For those in the areas of our Great Lakes where recreation reigns supreme, winter time means frozen lakes and extreme ice build-up on the Great Lakes shores. All of the activity and enjoyment now moves inland for activities like skiing, snowmobiling or just relaxing by the fire. Don’t let this shift of activity make you believe the lakes go dormant—far from it! Our lakes are a year-round thoroughfare for ships moving goods thousands of miles to keep business humming and global commerce moving seamlessly, but how do they do it when there is thick ice from coast to coast? Icebreaker ships.
Icebreakers have been around for over a century clearing paths for ships to maneuver through bodies of water in cold climates, but how? According to Marine Insight, icebreaker boats have a “…strengthened hull to resist ice waters, a specially designed ice-clearing shape to make a path forward and extreme power to navigate through sea ice.” This special design allows channels to be carved through even the thickest ice and allows merchant ships to continue to navigate the lakes. But what happens if the icebreakers can’t do their jobs or are unable?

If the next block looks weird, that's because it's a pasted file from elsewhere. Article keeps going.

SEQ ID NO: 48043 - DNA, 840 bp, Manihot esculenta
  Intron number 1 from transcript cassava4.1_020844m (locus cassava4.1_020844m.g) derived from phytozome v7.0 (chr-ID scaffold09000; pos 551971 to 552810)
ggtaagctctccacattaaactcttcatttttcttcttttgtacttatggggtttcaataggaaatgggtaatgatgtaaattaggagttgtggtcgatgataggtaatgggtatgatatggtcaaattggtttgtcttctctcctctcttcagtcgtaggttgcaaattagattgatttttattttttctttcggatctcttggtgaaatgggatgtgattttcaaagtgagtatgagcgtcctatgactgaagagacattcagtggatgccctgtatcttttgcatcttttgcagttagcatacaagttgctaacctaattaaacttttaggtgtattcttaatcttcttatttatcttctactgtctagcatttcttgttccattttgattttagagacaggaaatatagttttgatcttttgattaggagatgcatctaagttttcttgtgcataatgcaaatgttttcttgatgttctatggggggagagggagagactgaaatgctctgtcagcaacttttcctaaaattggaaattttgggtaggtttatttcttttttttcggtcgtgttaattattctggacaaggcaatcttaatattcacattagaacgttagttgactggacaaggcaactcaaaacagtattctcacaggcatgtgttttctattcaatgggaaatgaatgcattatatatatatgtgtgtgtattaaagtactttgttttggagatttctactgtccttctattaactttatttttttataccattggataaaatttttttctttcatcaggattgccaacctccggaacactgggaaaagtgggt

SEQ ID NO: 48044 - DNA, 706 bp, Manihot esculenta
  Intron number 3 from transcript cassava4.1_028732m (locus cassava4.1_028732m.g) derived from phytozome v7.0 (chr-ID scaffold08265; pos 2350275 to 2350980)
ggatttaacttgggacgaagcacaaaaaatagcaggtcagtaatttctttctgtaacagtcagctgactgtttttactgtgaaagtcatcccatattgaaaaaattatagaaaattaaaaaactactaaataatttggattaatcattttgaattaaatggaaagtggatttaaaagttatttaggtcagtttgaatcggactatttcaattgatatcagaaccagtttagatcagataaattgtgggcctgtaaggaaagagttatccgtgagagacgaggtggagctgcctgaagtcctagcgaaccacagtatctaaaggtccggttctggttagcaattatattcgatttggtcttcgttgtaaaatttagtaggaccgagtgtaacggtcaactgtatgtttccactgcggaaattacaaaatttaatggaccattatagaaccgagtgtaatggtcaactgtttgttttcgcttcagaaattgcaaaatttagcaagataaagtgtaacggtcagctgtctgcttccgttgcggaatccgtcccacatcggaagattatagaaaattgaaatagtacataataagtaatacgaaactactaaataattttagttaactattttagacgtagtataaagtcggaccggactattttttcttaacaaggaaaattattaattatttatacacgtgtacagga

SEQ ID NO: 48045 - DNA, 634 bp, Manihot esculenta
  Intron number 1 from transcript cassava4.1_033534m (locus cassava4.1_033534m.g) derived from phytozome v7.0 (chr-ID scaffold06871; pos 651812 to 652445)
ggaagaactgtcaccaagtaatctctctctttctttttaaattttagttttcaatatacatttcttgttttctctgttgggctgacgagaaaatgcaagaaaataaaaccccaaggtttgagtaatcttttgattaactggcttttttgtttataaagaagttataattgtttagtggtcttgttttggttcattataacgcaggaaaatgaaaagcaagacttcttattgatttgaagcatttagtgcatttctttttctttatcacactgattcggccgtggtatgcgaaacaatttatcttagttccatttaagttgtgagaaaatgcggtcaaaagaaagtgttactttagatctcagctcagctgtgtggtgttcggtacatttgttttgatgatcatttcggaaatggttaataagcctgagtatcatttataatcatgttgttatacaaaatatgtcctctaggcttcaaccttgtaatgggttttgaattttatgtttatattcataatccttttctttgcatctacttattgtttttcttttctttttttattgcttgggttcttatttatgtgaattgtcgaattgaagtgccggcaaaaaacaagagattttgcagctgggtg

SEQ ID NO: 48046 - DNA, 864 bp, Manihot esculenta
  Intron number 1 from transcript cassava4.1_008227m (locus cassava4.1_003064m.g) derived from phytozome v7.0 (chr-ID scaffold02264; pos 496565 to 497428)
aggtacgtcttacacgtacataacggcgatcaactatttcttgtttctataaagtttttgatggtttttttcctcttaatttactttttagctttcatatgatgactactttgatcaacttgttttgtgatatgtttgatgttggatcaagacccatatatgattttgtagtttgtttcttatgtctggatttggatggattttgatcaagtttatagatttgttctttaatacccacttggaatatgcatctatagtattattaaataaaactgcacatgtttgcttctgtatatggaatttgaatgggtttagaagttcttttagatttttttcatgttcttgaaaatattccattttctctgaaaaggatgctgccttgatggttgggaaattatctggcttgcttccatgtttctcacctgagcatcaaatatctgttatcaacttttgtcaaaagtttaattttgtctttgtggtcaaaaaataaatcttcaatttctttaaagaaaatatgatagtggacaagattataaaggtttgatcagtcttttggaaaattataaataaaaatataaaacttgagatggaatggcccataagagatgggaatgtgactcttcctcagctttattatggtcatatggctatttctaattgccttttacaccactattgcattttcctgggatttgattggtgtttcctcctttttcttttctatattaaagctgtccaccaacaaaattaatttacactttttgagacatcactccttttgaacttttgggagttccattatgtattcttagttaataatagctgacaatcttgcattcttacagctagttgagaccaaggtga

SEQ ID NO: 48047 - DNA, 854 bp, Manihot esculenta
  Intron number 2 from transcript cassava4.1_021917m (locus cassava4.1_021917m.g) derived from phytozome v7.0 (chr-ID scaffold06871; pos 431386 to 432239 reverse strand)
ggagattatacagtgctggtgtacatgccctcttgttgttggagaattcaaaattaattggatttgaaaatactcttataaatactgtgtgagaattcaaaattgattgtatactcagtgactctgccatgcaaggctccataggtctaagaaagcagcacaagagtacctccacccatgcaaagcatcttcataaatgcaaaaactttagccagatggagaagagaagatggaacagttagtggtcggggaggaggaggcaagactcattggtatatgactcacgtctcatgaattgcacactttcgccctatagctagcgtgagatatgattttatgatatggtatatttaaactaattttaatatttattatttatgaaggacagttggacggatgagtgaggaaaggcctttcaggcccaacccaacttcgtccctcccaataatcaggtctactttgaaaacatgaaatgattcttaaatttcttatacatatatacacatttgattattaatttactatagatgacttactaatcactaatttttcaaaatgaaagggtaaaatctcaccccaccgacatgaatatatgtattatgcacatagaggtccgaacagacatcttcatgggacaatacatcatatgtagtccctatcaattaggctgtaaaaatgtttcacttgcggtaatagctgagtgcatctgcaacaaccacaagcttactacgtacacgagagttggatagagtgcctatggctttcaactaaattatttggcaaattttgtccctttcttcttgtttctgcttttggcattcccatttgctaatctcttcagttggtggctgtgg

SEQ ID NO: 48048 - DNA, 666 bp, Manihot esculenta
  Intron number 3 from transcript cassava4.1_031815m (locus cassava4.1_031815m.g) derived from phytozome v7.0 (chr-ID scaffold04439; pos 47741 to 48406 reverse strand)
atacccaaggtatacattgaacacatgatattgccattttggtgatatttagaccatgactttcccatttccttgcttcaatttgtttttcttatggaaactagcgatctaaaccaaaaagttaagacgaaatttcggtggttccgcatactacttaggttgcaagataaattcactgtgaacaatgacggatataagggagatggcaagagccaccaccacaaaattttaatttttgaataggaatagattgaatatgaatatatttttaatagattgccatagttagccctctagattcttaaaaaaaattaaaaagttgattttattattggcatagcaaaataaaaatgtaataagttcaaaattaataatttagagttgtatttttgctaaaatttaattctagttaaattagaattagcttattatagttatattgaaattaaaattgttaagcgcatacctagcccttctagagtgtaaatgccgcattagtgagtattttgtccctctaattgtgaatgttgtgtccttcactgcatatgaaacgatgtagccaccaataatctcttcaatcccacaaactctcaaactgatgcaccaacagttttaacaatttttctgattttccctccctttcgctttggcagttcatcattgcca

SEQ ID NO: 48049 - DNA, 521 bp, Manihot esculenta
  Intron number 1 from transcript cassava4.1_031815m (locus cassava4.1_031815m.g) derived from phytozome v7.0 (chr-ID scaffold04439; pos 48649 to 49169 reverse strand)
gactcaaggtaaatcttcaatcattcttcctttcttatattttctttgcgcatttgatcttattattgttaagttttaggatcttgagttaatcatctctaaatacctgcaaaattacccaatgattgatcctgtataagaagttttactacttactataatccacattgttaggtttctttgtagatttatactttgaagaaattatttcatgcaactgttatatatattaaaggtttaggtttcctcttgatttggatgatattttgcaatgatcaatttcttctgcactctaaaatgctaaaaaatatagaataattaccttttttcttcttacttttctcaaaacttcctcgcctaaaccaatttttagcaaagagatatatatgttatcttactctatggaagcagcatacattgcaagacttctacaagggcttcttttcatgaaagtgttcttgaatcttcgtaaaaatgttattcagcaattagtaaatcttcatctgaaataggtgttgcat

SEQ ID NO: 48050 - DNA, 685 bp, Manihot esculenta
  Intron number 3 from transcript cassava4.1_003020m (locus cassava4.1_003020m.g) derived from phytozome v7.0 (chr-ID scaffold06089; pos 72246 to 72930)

With the Great Lakes frozen over, it effectively closes shipping channels and slows commerce. The Lake Carriers Association reports that during the winter of 2018 inadequate icebreaking on the Great Lakes cost the U.S. economy $1 Billion and 5,000 jobs. The Coast Guard that takes care of the icebreaking duties on our lakes was down four icebreaking ships of the total nine in the fleet, putting a pinch on the free movement of freighters throughout the ports in our region. Federal funding will be required to keep them all on the water and not in dry dock but with worthy projects such as the Soo Locks maintenance, the budget is getting stretched thin. Federal aid is necessary to keep the fleet ready to break but with the recent Great Lakes expenditures, it could be a tough road. Want to get involved? Contact your Senator and ask what they’re doing to secure funding to keep our icebreaking fleet up to snuff and what they’re doing to keep Great Lakes commerce moving!